A Simple ROP Exploit | poor_canary writeup

HXP 2018 has a “baby” challenge called poor_canary which was my first actual ROP exploit. If you want to follow along you’ll need to download and install the hxp 2018 vm image and install it locally. If you’re on a mac, you might need to port forward in order to get the image working properly. I have the following in my .zshrc:

That way I can just open up a new screen with my vm running and run hxp to have my vm serve the hxp site to localhost:8888 and if I want to forward one of the services I can run something like hxp 18113 and then nc localhost 18113 will work as expected. I’d like to give a huge shout out to the ENOFLAG team who’s writeup helped me comprehend this challenge. Now that that’s settled, let’s jump in.


I’d never used pwntools before, but it’s something that is completely necessary for this challenge. I set it up in a virtual environment and just source that anytime I want to use it.


Looking at the c code provided shows us that this is a buffer overflow exploit, but the title leads us to believe that the stack has a canary in it. Looking at the binary in binary ninja confirms this hunch.

__stack_chk_guard check the canary

We can also see that the function pointer to systemis saved after main so we can guess that this address should be somewhere in the binary.

Further analysis of the binary shows us that __libc_system is located at address 0x0016d90.

Now that we know this information, we need to start messing with payloads to send to the binary. Running the command pwn template --host --port 18113 ./canary will generate code to connect to a remote host and send payloads to it. This is part of pwntools. Once we connect to the remote, we can send some code like this:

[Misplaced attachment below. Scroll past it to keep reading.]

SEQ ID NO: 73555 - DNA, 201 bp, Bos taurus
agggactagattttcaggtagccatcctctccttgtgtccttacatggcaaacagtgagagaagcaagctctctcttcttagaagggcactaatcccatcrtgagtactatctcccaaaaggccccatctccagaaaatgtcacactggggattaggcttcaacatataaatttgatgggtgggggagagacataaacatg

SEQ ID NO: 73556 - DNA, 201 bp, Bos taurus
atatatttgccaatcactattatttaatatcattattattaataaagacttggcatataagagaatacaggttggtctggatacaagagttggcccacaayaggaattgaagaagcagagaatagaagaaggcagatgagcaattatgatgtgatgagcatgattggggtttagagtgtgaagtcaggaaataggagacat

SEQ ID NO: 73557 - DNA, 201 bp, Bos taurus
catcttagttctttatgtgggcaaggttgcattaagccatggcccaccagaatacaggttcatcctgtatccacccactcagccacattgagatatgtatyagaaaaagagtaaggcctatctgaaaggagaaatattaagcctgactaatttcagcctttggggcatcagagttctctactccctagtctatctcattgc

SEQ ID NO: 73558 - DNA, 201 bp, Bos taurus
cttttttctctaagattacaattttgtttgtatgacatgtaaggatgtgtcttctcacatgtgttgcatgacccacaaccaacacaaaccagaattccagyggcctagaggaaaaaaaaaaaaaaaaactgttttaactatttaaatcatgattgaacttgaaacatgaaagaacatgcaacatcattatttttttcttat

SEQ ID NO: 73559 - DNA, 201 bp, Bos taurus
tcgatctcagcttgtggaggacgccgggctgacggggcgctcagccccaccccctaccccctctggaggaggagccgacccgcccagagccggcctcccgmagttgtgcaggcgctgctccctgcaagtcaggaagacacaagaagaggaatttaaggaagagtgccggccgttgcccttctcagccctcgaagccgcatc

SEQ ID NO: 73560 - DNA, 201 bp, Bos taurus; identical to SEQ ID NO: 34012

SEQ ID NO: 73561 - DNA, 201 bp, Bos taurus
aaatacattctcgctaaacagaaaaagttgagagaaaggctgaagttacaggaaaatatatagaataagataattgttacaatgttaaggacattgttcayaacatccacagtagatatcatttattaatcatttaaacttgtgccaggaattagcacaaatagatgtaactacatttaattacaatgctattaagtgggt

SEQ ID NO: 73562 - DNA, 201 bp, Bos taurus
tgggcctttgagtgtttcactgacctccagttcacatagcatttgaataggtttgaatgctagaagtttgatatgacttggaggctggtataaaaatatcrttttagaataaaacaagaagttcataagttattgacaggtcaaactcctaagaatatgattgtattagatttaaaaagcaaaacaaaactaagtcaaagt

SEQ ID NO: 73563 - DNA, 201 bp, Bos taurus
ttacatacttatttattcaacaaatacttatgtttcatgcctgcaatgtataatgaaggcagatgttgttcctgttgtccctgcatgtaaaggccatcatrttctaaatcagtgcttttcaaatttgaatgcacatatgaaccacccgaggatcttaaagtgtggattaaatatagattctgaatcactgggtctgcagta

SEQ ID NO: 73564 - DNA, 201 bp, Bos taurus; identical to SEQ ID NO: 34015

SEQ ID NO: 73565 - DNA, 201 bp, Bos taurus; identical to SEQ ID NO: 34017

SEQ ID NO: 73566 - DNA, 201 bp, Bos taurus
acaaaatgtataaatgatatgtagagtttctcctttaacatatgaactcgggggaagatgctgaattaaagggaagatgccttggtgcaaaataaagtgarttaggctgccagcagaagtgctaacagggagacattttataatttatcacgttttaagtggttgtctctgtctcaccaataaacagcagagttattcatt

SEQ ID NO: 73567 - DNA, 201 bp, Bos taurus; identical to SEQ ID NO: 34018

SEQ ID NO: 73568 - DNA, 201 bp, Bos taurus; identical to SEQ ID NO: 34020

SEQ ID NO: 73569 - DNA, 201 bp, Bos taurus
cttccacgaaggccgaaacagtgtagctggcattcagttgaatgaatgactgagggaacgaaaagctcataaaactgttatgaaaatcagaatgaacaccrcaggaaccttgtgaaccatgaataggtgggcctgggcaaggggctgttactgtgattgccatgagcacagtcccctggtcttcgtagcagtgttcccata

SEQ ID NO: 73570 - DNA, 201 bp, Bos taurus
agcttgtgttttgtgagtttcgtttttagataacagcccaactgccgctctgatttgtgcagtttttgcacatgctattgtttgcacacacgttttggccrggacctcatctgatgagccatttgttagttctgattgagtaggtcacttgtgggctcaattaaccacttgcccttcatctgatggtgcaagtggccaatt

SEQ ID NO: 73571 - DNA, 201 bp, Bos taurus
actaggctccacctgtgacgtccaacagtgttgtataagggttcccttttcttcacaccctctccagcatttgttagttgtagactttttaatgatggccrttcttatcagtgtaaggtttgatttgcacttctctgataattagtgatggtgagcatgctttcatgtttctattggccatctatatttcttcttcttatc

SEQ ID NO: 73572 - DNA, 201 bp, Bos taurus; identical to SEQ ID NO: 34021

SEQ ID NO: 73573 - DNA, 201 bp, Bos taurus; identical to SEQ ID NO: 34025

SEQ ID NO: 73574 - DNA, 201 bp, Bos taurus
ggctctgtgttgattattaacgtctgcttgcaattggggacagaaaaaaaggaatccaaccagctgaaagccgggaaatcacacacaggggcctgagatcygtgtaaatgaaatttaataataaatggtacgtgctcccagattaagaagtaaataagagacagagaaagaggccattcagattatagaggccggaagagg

What does this actually do? Well looking at the c code we can see that we are allocated a 40 character buffer, but we can read in 0x60 characters. It’s also important to note that many canary’s start with 0x00 (why? because this makes it harder to get the canary because this acts like a null terminator). But, in our binary, if we just send 41 characters this will overwrite the null byte and send the remainder of the canary! Then we add back 0x00to get our canary and we’re ready to move forward.

Next comes finding the string /bin/sh, since this is what we’d ideally like to pass to system to spawn a shell. So let’s use ropper to see if there is anything in our binary.

Well that was easy; ropper rocks!

Now, where do we put this string in order to have it be run by system? Using godbold to help us we can look at the ARM assembly for system("/bin/sh");.

Great, so we push our command into register r0 and then system will use that as its argument. Now let’s find some rop gadgets that put things into r0. Keep in mind that ARM is a little weird and uses the concept of regliststo push and pop multiple registers at the same time.

pop {r0, r4, pc}looks ideal. This will take the next three words off the stack and save them into r0, r4, and pc respectively. And with this we can construct our payload! We have 40 bytes of garbage to fill up the buffer, the canary, 12 bytes of garbage (this I just took from the other writeup, if someone could explain exactly how to get this 12 byte offset for the return address that would be really helpful), our ROP gadget, the address of /bin/sh, 4 bytes of garbage (we don’t care what gets saved into r4), and finally the address of system.

To fully lay it out, this will overwrite the return address to be our ROP gadget, which will then pop the address of /bin/sh into r0 and change the PC to the system function. This is essentially calling system("/bin/sh");. Our full exploit script looks like so:

And this gives us access! When we run: